“Fight for the things that you care about.
But do it in a way that will lead others to join you.”
– Ruth Bader Ginsburg
Feminist icon, Supreme Court judge, relentless fighter for equality, and, lest we forget, notorious Ruth Bader Ginsburg died on Friday. Like so many of us, I’ve become so calloused to breaking news in 2020. Those who have your news notifications on (I strongly suggest AGAINST this) know that we’ve been threatened by the late night alerts about Ginsburg’s hospitalizations over the past few months. When I got the news on Friday, I had to read the notification on my Apple watch twice. Everything I was suddenly feeling – heartbreak, grief, fear – made me wish that numbness returned.
However, I think of what it’s been like to be a woman in 2020. Ignorance, ease, and not feeling only prevents fighting for equality, getting over our own egos, and breakthrough. I’ve been listening to more music than ever this year, and the releases in 2020 by women not only have been impeccable sonically and lyrically, but also these artists have reminded me of the importance of keeping going and the validity of our voices. I credit women in music to have gotten me this far in 2020, and I’ll keep listening and sharing because I think RBG would have liked that.
So, here are my top five albums by women released in 2020:
HAIM / Women in Music Pt. III
As of September 20, this is the greatest modern rock album to be released. The trio of sisters deliver lyrics of health struggles, sexism, the importance of sisterhood through influences of Lou Reed and Joni Mitchell. From the guitar to descriptions of depression, there is nothing vague about this album. “’Cause now I’m in it / But I’ve been trying to find my way back for a minute,” is from “Now I’m In It”, a track HAIM has expressed in interviews about navigating depressive thoughts versus the heart’s pull of wanting out.
FIONA APPLE / Fetch the Bolt Cutters
From the album title to all the critical acclaim, it should be no surprise Apple’s album made the list. It’s loud, not refined but intentional, and asking for escape – everything a woman has been told not to embody. With the amalgamation of lyrical content and themes (“Fetch the bolt cutters / I’ve been in here too long”) and listening to this album when I run, this album has made me feel more free and seen – pandemic aside. Ever have the craving to salute and communicate with the new woman of an ex? Fiona soothes in “Ladies”, “There’s a dress in the closet, don’t get rid of it, you’d look good in it / I didn’t fit in it, it was never mine / It belonged to the ex wife of another ex of mine.”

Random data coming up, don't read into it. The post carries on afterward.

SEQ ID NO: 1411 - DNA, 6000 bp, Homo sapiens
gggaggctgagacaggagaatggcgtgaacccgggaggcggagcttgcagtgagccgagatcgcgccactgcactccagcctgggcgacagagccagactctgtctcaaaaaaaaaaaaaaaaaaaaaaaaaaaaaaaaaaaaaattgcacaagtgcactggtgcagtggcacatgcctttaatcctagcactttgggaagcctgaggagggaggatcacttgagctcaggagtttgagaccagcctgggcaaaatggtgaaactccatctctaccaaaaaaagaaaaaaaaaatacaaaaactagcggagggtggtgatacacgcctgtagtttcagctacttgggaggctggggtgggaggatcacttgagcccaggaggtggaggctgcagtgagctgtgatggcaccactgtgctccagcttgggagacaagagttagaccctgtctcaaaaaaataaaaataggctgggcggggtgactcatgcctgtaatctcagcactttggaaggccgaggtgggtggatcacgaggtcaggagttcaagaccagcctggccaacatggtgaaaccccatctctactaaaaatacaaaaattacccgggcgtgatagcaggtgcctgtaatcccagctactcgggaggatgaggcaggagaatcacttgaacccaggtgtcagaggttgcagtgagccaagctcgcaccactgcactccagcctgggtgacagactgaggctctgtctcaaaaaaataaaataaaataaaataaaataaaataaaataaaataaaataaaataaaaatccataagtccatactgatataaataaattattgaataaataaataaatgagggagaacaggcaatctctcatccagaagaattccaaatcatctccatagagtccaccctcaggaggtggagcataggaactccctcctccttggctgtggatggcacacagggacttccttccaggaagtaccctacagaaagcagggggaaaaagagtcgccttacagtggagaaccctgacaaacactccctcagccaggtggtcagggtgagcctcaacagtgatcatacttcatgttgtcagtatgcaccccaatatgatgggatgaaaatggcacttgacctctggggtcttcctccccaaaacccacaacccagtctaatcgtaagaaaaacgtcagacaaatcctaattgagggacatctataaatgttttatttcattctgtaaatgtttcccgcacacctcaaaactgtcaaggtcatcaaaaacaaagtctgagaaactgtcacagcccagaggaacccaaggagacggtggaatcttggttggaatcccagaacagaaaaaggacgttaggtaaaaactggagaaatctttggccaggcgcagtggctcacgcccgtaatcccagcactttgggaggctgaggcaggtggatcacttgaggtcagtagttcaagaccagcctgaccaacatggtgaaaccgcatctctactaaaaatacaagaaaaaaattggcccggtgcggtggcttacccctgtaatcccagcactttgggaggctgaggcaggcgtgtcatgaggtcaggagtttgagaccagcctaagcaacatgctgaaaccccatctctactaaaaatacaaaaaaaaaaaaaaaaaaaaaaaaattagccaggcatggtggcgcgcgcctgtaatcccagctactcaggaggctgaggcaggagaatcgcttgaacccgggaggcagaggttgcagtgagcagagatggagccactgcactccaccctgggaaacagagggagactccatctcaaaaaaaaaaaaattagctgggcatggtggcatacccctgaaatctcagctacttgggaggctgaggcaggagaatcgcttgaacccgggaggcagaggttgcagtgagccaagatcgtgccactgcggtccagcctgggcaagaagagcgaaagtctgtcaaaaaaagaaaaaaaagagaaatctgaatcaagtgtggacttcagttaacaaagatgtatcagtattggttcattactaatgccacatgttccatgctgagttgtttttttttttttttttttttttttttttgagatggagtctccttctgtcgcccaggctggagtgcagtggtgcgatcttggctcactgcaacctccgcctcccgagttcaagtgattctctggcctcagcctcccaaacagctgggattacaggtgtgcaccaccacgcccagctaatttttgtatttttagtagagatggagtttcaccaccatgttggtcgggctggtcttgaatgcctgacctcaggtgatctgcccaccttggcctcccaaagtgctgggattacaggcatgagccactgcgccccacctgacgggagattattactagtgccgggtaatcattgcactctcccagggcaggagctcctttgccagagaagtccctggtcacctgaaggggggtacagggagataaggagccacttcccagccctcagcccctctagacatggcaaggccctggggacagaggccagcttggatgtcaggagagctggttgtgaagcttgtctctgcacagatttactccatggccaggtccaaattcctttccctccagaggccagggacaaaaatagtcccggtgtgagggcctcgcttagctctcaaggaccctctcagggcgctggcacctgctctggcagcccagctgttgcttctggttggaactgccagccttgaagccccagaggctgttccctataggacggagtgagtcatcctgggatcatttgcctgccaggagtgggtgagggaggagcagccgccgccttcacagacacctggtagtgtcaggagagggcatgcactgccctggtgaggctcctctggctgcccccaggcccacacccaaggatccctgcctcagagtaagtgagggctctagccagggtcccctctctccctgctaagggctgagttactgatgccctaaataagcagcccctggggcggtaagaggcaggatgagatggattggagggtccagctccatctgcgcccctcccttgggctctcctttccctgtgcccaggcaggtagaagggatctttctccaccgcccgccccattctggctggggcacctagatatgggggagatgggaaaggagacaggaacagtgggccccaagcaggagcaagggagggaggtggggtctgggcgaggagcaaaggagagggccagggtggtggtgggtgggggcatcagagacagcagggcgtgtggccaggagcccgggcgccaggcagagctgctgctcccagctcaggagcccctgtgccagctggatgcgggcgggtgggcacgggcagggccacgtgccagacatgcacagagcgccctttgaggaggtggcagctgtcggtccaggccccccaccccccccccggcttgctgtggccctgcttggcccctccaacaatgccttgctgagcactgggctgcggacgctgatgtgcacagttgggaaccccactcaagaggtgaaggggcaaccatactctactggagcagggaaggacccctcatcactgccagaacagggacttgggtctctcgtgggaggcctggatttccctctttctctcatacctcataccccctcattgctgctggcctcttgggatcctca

DUA LIPA / Future Nostalgia
If Future Nostalgia existed on an alternative timeline, this would be the album we’d be dancing to in a club filled with sweaty people, neon lights, drinks, and mistakes. However, I’ve been dancing to this album in my kitchen for months now (and who am I kidding? I’d probably be staying in without a pandemic). This album is beyond pop; it gives modern disco, bass thumps, snaps and claps, and a just-enough out of this world feel. Frankly, Dua Lipa makes you feel yourself and that’s more than enough. Do you, boo.
WAXAHATCHEE / Saint Cloud
An album about transformation in terms of coming back to yourself, Saint Cloud is a twangy, indie record that processes the newfound sobriety of Katie Crutchfield, who goes by Waxahatchee. Crutchfield sings a lot about wanting on this record that comes through less like begging and more like she is reclaiming what she wants because she knows what she deserves – self-acceptance and self-love. But the reach doesn’t come without a struggle; Crutchfield sings in “War,” “I’m in a war with myself / It’s got nothing to do with you.” Sobriety, self-love, noticing the stories we tell ourselves, and fighting for whatever we value in this life takes, like Crutchfield messages in “Lilacs”, constant watering and attending to.
CHLOE X HALLE / Ungodly Hour
The experience of wanting to get risky tipsy and receiving dick pics have just as a valid place in women’s outward expression as all of the other music mentioned and not mentioned in this post. 22-year-old Chloe Bailey and 20-year old Halle Bailey released an R&B-pop album filled with transcendent vocals and transitions. The Baileys’ lyric writing is fantastic, and it’s important to say that. As we see with so many other women artists, especially young black artists, the presence of sexual agency or awareness of toxicity in music can be erased from public discourse and critical acclaim. When creativity by women is noticed and praised by others, it reiterates sense of self and our importance. Because of a lack of diversity in mainstream music criticism, women in music often fail to get the credit they deserve. Society has historically seen young women of color as not putting out music that’s “award worthy”, but when the biases and microaggression are aside, there is no doubt this record is award worthy for the angelic vocals and devilish lyrics that leave you in purgatory.
This week’s playlist can be found here.
Photo: Mason Poole / Parkwood Entertainment